Decisions and Data
The discovery and normalization of data is a proven and accepted design approach that underpins systems design activity. This article proposes that we preface this approach with a new and
fundamental analysis artifact – the decision. Like both data and process, decisions can be the subject of original discovery and can drive further design activity.
Further, we will argue that decision modeling is a higher order analysis that provides context and guidance to both data and process analysis. Data is collected for a purpose, and that purpose has
its roots in decisioning. Similarly, processes exist to service decisions by connecting them to events. A further purpose of this paper is to discuss the methods that can be used to discover and
model decisions in a structured manner, analogous to data normalization. Data and decisions both have important roles in this decision-centric approach – each showing a different and
complementary view of the same system. Data models show the valid states of the system at rest; decision models describe the valid transitions between the states. However, it is the state
transitions described by the decision model’s that generate value for any business, giving the decision model a primacy that is not shared by either data or process.
In fact, we argue that it is the corporate strategy itself that defines when and how “value creating” state changes occur, and that this is the ultimate foundation upon which decisioning
approaches are built.
Definition: The discrete and systematic discovery, definition, assembly and execution of decisions.
We assert that decisions are first order citizens of the requirements domain. To provide a conceptual basis for this, let us go back to the foundations of any requirements
A business derives value from changing the state of some object or “thing” that the business values (literally, usually on its balance sheet). This focuses us on the very core of the
business – what is traded, managed, leveraged, used, built, or sold in order to achieve the objectives of the business. Until something happens to the object, the purpose cannot be achieved
and no value can be derived; therefore, in order to generate value, we must have a state change on the object. Note that we are interested primarily in the objects that are the basis of value and
which are fundamental to the purpose of the business. We are not interested in data entities per se, including such traditionally important entities as customer (we do not generally derive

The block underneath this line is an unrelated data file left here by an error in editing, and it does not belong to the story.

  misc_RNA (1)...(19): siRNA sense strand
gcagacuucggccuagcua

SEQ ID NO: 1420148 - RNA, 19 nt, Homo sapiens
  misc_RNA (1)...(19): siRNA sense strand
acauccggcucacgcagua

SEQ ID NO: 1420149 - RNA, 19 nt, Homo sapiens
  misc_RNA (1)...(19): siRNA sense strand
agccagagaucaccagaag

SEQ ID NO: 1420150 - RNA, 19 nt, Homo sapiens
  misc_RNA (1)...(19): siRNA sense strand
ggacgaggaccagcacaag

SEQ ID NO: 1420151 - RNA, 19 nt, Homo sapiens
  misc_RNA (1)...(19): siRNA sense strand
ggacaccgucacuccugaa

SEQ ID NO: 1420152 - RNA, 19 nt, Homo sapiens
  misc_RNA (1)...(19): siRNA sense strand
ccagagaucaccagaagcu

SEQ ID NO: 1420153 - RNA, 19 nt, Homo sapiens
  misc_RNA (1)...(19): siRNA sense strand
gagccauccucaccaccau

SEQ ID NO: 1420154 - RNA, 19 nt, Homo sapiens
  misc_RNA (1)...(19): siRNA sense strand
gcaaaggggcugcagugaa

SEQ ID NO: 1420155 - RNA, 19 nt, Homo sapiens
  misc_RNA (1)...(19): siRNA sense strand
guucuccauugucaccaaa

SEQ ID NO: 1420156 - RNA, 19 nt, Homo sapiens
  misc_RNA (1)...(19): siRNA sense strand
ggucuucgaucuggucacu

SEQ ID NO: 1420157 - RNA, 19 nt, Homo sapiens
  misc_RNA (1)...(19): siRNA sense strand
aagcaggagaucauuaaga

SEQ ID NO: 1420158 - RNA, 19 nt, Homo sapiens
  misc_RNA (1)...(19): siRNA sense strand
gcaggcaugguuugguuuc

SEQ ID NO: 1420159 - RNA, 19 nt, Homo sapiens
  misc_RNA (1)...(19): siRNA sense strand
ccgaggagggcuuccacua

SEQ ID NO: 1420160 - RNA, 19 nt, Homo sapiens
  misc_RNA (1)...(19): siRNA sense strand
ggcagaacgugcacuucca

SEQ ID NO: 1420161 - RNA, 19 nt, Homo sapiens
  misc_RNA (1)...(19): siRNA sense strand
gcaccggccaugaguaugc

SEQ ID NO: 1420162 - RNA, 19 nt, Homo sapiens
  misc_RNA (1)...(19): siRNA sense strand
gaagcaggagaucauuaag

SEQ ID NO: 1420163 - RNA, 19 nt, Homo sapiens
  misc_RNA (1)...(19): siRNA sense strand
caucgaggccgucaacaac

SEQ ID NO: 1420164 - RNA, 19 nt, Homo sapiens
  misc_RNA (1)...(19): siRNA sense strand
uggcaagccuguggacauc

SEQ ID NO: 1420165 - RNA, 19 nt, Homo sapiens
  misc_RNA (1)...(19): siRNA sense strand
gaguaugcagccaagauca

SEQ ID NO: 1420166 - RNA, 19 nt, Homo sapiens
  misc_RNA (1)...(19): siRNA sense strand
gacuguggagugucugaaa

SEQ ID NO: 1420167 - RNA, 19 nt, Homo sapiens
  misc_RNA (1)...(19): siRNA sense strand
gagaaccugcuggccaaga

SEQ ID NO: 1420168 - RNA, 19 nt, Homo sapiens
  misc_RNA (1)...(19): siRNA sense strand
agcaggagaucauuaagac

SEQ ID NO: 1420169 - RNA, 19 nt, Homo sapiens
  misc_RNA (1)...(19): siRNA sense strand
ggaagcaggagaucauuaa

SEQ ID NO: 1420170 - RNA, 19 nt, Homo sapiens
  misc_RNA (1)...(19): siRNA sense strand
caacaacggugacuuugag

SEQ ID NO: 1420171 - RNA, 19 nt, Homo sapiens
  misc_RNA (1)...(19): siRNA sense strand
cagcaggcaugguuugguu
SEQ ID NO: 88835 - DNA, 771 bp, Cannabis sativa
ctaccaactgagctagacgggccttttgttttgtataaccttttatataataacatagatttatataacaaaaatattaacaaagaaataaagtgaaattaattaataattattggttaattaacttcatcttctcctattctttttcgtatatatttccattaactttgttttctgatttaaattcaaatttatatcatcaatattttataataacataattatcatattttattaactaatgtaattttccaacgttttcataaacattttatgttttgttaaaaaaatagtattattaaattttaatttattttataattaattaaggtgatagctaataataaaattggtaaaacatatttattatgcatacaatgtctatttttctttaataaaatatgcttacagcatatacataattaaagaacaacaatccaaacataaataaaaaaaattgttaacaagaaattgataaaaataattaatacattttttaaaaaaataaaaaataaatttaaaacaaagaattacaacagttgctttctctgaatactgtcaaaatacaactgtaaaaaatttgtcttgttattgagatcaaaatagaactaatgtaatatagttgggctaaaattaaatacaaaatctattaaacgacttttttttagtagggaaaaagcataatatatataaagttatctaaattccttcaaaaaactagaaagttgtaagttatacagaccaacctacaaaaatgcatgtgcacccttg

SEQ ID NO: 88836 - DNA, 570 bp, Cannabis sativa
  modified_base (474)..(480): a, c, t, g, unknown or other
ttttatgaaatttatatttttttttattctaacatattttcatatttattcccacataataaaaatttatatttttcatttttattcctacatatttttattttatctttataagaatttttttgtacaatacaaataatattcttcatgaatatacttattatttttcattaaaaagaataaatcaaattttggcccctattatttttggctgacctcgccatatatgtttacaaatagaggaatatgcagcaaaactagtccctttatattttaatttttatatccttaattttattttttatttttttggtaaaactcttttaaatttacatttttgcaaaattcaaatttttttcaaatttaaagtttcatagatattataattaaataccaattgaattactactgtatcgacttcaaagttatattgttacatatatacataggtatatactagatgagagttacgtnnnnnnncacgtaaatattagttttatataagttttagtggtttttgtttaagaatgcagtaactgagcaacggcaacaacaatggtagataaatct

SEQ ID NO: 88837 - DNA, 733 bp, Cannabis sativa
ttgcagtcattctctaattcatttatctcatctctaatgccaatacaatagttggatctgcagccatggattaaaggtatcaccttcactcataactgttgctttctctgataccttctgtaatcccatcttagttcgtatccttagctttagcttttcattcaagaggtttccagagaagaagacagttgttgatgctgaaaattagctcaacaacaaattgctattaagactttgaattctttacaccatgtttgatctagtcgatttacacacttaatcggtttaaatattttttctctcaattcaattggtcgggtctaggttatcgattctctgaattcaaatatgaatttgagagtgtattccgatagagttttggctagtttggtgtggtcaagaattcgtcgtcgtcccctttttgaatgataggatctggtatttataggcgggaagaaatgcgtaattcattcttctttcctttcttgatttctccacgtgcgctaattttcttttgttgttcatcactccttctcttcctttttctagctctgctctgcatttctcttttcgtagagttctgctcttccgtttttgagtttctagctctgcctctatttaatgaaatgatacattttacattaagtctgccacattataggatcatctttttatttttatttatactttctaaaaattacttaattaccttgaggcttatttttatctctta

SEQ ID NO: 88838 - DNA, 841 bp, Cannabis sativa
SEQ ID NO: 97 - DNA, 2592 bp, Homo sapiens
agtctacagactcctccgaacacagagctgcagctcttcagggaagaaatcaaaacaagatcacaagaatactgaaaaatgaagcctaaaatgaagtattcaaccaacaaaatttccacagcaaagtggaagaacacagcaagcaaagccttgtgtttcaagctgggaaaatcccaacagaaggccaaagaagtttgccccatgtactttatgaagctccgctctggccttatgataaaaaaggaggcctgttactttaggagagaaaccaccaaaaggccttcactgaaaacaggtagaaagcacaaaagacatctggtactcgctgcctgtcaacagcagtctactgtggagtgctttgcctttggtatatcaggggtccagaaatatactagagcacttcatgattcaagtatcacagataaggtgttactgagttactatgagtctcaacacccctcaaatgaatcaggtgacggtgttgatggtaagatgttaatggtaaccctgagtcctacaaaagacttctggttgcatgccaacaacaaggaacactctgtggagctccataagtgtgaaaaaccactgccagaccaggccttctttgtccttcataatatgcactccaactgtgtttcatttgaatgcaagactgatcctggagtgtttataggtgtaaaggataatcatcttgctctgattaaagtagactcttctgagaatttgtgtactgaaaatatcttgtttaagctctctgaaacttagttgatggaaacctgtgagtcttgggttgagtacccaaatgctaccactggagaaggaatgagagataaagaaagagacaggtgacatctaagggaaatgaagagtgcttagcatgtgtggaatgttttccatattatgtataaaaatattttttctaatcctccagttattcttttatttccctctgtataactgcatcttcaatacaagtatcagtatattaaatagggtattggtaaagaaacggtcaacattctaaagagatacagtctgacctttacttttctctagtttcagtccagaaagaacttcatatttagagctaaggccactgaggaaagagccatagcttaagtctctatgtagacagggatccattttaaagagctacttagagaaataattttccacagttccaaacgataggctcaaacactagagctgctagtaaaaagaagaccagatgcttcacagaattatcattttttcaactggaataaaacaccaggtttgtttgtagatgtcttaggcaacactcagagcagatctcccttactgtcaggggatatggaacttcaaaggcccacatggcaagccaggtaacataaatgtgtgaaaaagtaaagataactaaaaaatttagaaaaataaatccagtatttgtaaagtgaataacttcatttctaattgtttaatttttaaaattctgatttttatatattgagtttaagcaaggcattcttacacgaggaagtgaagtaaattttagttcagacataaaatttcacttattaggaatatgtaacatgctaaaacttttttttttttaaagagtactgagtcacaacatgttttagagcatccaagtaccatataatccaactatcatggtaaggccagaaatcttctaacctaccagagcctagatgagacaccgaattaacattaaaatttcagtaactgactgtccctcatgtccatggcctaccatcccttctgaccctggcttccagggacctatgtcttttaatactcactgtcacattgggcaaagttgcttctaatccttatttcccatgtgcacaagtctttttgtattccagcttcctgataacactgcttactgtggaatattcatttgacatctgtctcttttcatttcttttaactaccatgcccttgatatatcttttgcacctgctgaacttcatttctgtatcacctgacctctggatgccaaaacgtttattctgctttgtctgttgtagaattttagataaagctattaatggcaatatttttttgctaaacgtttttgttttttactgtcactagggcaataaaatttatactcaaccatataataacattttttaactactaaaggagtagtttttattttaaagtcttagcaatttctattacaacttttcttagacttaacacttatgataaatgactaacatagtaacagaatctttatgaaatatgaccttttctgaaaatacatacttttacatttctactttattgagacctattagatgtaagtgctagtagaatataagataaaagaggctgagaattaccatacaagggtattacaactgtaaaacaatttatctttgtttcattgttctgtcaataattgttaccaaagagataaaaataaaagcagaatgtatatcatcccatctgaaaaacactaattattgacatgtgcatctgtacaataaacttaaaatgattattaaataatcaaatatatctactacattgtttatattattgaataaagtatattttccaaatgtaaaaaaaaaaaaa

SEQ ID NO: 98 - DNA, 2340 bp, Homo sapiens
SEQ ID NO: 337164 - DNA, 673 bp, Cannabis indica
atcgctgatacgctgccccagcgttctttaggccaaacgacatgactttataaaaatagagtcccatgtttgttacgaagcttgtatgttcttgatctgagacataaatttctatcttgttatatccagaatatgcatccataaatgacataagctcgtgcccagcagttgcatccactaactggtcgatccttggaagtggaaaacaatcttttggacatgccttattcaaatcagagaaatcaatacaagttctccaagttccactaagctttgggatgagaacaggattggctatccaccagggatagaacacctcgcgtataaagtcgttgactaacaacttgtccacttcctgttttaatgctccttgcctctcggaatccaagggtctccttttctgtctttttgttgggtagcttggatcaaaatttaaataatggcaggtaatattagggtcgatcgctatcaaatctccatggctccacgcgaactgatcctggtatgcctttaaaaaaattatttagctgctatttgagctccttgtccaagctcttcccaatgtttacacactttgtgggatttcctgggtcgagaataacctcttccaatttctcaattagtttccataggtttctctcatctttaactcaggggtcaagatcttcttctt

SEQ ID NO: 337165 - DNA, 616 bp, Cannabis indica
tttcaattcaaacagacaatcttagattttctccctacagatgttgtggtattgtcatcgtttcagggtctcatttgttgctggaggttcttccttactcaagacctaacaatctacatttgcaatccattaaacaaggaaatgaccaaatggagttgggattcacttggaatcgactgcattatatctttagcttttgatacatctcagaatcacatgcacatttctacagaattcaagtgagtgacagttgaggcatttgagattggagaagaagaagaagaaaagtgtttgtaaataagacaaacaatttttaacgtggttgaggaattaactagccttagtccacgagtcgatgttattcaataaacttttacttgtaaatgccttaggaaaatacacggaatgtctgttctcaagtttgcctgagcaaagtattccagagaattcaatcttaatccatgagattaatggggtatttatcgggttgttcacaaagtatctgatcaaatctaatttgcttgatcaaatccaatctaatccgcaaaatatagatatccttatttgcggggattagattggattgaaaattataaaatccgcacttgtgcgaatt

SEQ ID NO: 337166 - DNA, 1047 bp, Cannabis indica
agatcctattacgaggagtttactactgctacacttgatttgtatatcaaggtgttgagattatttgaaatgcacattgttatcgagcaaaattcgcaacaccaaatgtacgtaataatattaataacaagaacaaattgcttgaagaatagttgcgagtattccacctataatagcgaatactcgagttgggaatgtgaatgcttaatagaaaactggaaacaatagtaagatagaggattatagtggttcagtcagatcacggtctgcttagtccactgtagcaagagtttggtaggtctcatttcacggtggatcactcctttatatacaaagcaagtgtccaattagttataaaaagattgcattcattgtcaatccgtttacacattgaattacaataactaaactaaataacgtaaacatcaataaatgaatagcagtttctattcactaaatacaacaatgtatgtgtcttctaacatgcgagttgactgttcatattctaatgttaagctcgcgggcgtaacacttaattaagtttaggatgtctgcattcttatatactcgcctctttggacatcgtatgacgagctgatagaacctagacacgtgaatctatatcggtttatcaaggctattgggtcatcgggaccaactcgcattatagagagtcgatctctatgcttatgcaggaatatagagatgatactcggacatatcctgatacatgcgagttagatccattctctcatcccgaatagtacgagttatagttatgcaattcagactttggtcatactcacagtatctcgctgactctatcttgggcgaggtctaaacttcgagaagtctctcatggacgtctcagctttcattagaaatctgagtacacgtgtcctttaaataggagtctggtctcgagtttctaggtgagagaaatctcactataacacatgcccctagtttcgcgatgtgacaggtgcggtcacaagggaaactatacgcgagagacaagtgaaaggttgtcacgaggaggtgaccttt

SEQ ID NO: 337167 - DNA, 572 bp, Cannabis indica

value from changing the state of customers). Changing state implies that there is activity against an object, and this observation gives rise to the traditional process (activity) and data (object)
approaches. But if we look closely at any process causing state change, we will see that the change is always the result of a decision within the process rather than the process itself. Many
processes can execute against the object, but value is only derived when a state change occurs. Whenever state change occurs, the process can be shown to be a container for decisioning – the
state change is a result of the decisions rather than an inherent characteristic of the process. This confusion between decision and process is a systemic failure in today’s methodologies and
hides the importance of decisioning – to the extent, for instance, that UML does not include “business rules” (the closest existing concept we have to decisioning) within the UML
standard1. Processes are merely mechanisms by which data is supplied to a decision, and by which the system responds to the decisions made. If these pre- and post-decision activities are
wrapped together with the decisioning logic, then we have a complete end-to-end process that takes the business from one valid state to another, and which generates value in doing so. But it is
clear that the entire process is built around the decisioning kernel.
Decisions are the critical mechanisms by which we choose one action from the set of all possible actions. The purpose of decisions is to select the action that is most beneficial to the
decision maker in a given situation.
A decision is “made” when we resolve the available facts into a single definitive outcome; a decision cannot be multi-valued, ambiguous or tentative. A decision results from applying
discipline, knowledge and experience to the facts that describe the decision context. This application of discipline, knowledge and experience within decision making is the characteristic that most
closely defines the unique character of any business. Because of this fundamental truth, decision-making behavior is the only truly proprietary artifact in any system development. All other
artifacts can be inferred from industry practice, and do not differentiate each business specifically.